News

2012

Arizona State University undergraduate Holly Vins is dedicated to helping others get the “voice and opportunities they deserve” and creating a safer, more sustainable world for all.

As an ice age crept upon them thousands of years ago, Neanderthals and modern human ancestors expanded their territory ranges across Asia and Europe to adapt to the changing environment.

A recent article by the Boston Globe reported that archaeologists have dug to the center of the largest of the three massive pyramids belonging to Mexico’s Teotihuacan and found what may be the “or

Currently, museums, universities and federal government agencies hold more than 100,000 Native American remains of inconclusive cultural affiliation.

Ever since life first formed on Earth, there has been competition for its resources. This competition helped push life forms, including humans, into forming groups.

Ollie’s Storybook Adventures return to Arizona State University’s Deer Valley Rock Art Center with storytimes about archaeology, desert wildlife and Native American cultures.

Editor's Note: Arizona State University basketball will take on the University of Colorado on Jan. 19. The men’s teams will play at 6:30 p.m., in Boulder, Colo.

Love rock art? You can become a site steward of cultural heritage by learning field techniques to document and preserve rock art sites at a rock-art recording workshop, Feb.

Children ages 8 to 12 are invited to be “junior archaeologists” for a day, Feb. 18, at Arizona State University’s Deer Valley Rock Art Center, 3711 W. Deer Valley Road, Phoenix.

2011

Michael Smith, a professor in ASU's School of Human Evolution and Social Change, and Ariel Anbar, a professor in ASU's School of Earth and Space Exploration and Department of Chemistry and Biochemi

Carlos Castillo-Chavez, a mathematical epidemiologist at Arizona State University, was among a small group of mentors honored by President Obama in a White House ceremony Dec.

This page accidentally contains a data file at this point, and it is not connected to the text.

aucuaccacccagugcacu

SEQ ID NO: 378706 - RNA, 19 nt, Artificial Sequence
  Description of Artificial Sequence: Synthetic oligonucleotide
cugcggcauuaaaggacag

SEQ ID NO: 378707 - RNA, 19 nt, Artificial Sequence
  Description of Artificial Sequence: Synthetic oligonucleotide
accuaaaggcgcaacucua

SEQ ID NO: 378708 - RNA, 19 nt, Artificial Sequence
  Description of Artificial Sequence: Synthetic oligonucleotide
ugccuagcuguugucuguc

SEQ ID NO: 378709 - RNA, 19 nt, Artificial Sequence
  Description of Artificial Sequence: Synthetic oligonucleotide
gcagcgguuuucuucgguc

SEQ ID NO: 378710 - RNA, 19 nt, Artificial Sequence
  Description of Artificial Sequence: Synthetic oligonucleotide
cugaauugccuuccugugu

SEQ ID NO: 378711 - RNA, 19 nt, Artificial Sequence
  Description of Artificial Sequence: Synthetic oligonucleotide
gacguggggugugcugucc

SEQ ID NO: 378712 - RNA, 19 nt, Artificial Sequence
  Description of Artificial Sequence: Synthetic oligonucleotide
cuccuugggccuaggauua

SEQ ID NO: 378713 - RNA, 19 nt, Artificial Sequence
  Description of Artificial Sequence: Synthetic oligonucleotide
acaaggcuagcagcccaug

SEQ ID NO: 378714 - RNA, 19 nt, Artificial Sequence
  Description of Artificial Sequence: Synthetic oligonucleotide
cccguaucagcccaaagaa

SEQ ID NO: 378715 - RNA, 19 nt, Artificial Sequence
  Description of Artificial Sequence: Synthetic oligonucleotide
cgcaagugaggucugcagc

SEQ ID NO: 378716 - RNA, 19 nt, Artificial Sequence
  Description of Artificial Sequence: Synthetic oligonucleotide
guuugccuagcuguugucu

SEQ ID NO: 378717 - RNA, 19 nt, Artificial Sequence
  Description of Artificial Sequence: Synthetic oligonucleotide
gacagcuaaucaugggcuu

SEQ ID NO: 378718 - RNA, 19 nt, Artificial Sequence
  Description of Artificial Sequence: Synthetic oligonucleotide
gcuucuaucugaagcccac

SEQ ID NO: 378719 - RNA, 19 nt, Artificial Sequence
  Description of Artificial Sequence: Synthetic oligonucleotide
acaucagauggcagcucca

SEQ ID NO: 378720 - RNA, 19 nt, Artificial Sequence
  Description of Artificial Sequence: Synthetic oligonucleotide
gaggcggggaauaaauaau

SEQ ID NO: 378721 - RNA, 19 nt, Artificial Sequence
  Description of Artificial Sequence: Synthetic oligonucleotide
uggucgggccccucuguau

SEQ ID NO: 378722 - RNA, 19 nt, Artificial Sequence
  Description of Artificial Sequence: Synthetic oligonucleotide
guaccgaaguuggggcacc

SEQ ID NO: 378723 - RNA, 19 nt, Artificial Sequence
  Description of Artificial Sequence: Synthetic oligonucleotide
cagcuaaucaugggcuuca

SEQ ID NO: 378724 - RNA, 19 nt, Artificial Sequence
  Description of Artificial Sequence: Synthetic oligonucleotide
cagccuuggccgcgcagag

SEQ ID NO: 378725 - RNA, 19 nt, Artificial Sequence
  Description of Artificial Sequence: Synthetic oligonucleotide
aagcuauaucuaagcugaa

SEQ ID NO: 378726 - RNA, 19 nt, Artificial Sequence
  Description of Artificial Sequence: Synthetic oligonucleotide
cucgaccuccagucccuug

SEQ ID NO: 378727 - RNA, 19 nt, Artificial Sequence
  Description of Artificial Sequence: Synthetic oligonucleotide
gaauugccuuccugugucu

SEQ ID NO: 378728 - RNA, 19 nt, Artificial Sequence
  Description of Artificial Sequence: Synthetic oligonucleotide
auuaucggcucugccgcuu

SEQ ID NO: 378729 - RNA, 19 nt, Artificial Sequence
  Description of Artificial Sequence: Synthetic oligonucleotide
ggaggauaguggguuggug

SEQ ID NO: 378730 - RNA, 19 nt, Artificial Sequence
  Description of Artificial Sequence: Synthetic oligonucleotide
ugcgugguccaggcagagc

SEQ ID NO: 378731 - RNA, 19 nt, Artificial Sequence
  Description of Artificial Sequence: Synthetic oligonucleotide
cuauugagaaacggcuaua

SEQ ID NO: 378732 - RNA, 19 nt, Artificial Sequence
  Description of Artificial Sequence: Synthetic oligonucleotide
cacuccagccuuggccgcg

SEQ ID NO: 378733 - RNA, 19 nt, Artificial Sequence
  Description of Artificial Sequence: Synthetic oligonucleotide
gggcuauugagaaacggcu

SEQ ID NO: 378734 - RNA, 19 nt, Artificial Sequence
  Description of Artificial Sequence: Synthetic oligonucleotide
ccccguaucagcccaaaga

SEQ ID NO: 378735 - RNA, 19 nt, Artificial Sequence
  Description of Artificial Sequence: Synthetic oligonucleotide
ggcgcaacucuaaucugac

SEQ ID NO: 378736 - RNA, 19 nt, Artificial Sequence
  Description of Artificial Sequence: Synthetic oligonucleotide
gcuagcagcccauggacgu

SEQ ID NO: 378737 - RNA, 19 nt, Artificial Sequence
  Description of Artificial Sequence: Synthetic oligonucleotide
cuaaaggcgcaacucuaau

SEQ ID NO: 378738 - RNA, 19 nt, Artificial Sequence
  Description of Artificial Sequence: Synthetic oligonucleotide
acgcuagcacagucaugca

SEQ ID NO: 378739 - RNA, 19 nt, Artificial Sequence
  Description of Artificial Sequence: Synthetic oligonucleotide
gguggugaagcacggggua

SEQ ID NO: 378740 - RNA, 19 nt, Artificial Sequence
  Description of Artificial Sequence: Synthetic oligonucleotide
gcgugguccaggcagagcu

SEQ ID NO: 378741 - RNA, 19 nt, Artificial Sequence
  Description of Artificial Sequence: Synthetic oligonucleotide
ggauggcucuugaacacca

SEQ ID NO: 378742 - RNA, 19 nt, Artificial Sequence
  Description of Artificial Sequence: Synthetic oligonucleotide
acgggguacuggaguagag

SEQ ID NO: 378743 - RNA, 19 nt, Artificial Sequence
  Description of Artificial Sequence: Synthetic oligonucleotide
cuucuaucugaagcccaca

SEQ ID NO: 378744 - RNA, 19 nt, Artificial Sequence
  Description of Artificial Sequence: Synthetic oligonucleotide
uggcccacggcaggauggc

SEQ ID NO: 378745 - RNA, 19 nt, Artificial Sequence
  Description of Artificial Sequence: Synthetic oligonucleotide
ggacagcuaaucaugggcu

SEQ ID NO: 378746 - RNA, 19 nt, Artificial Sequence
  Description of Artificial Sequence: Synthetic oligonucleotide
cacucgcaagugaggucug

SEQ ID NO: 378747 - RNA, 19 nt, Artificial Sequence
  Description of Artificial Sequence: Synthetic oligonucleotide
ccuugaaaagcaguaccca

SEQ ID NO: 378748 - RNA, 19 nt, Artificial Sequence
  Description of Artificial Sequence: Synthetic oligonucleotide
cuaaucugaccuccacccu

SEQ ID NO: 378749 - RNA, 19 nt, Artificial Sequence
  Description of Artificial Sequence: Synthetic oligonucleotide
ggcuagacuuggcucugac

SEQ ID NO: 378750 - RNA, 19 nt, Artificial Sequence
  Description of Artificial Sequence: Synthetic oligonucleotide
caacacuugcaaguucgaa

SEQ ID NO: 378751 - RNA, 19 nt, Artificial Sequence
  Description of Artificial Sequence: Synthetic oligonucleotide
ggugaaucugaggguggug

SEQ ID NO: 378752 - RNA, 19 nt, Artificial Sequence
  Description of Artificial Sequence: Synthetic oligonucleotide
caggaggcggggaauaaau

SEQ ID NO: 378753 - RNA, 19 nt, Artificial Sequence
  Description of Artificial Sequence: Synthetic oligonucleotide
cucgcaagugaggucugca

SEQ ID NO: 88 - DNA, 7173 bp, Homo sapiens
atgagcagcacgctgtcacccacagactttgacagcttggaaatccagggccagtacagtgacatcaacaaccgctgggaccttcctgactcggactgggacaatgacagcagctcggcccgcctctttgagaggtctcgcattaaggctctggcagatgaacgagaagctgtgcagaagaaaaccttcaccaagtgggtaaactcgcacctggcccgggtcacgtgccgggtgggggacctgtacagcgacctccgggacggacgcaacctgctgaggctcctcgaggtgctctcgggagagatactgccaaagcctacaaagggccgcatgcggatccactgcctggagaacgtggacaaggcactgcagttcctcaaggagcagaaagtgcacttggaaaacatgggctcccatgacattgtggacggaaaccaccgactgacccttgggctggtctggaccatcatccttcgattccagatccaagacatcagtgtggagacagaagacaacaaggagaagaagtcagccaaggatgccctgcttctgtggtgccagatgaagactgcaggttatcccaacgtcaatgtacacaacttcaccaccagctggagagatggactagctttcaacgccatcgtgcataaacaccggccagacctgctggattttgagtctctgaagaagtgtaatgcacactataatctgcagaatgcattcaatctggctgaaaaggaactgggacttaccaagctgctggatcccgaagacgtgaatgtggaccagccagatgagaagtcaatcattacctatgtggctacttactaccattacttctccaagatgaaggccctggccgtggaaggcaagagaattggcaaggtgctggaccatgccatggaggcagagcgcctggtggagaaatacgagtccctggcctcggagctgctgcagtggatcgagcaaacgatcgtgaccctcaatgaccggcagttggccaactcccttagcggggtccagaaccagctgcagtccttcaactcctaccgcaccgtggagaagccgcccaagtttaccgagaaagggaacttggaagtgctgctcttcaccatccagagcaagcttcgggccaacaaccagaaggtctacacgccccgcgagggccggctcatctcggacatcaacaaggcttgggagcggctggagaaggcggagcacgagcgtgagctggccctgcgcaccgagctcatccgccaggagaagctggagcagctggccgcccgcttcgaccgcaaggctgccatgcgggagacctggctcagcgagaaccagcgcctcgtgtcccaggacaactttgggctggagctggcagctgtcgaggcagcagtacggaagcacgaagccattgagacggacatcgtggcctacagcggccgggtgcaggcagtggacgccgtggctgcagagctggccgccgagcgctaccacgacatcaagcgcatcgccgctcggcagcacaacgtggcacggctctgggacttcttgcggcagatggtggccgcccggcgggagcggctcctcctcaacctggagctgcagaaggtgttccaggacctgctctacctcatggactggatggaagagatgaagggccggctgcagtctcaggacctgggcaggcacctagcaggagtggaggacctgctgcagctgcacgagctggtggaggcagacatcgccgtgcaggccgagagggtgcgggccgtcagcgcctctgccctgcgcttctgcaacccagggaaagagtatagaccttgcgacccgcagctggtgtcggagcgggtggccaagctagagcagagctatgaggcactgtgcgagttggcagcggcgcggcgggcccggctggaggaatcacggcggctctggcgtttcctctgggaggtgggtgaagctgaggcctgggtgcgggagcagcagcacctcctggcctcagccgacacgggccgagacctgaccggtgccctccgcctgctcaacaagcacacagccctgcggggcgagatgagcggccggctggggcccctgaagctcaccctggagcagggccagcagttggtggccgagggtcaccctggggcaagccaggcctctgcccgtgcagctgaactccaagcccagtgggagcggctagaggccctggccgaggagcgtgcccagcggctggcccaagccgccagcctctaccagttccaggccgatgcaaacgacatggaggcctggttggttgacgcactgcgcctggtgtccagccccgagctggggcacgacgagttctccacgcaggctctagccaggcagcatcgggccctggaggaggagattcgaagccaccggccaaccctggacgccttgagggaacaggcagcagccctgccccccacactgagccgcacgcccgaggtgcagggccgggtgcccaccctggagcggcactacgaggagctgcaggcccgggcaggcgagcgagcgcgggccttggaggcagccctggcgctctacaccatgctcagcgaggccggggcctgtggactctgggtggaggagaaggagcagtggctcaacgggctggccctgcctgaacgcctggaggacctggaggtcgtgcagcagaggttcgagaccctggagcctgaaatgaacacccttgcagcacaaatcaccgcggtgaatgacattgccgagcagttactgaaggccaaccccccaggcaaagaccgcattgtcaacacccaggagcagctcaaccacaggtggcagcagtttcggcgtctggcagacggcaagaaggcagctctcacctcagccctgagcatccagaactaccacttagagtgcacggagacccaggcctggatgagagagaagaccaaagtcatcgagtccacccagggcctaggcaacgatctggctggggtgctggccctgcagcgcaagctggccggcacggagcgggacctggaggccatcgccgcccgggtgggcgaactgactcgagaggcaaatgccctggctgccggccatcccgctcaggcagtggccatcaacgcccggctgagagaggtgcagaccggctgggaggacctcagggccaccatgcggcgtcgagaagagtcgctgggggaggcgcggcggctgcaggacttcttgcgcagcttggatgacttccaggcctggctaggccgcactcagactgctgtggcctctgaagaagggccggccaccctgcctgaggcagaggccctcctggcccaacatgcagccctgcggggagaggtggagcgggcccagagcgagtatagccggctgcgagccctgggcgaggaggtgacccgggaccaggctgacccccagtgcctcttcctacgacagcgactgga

Can a study of our past provide insights into present-day social changes?

What do the 2012 summer Olympics and medieval scholarship have in common? For both, London will be the site of extraordinary achievements.

Arizona State University undergraduate global health student Mirna Hodzic is a self-proclaimed xenophile with a voracious appetite for knowledge and a fervent will to help others.

Paleoanthropologist Bence Viola of the Max Planck Institute for Evolutionary Anthropology in Leipzig, Germany, was “intrigued” by computational modeling done at Arizona State University that spanne

ASU’s Deer Valley Rock Art Center celebrates the New Year with specially scheduled guided tours for the public, from 10 a.m. to 11 a.m., Jan. 7, 14, 21 and 28.

How would you like to spend a few hours a week in a beautiful corner of Phoenix, surrounded by nature, Native American rock art, and an energetic group of individuals?

David R. Abbott, an associate professor of anthropology at Arizona State University, will give a free lecture titled “Ceramic Analysis and the Ancient Hohokam Economy” at 1 p.m., Feb.

Editor's Note: Arizona State will take on the University of California, Berkeley, Nov. 25, at 8:15 p.m. in Sun Devil Stadium.

Complex computational modeling provides clues to Neanderthal extinction

Over the past two summers Madeline Sands, an undergraduate student at ASU, has conducted pivotal community health and medical anthropology research in Guatemala.

President Obama named an Arizona State University program – the Mathematical and Theoretical Biology Institute – as a recipient of the 2011 Presidential Award for Excellence in Science, Mathematics

According to Arizona State University archaeologist Saburo Sugiyama, the ancient city of Teotihuacan was laid out using a standard measurement unit of 32.68 inches (83 centimeters).

Arizona State University (ASU) and California State University, Long Beach (CSULB) will help produce the next generation of experts trained in the skills and equipped with the tools to assist peopl

Arizona State University archaeologist Michael E. Smith has built a reputation as a leading name in Mesoamerican archaeology over the years.

Three Arizona State University professors have been named as Outstanding Doctoral Mentors 2011 by the Graduate College: Carlos Castillo-Chavez, a Regents’ Professor and Joaquin Bustoz Jr.

Since graduating from Arizona State University in 2007 with a doctorate in anthropology, Christine Lee has made a name for herself in the field of bioarchaeology.

The catalyst for John "Jake" Lulewicz’s interest in anthropology was the first trip he took outside the USA.

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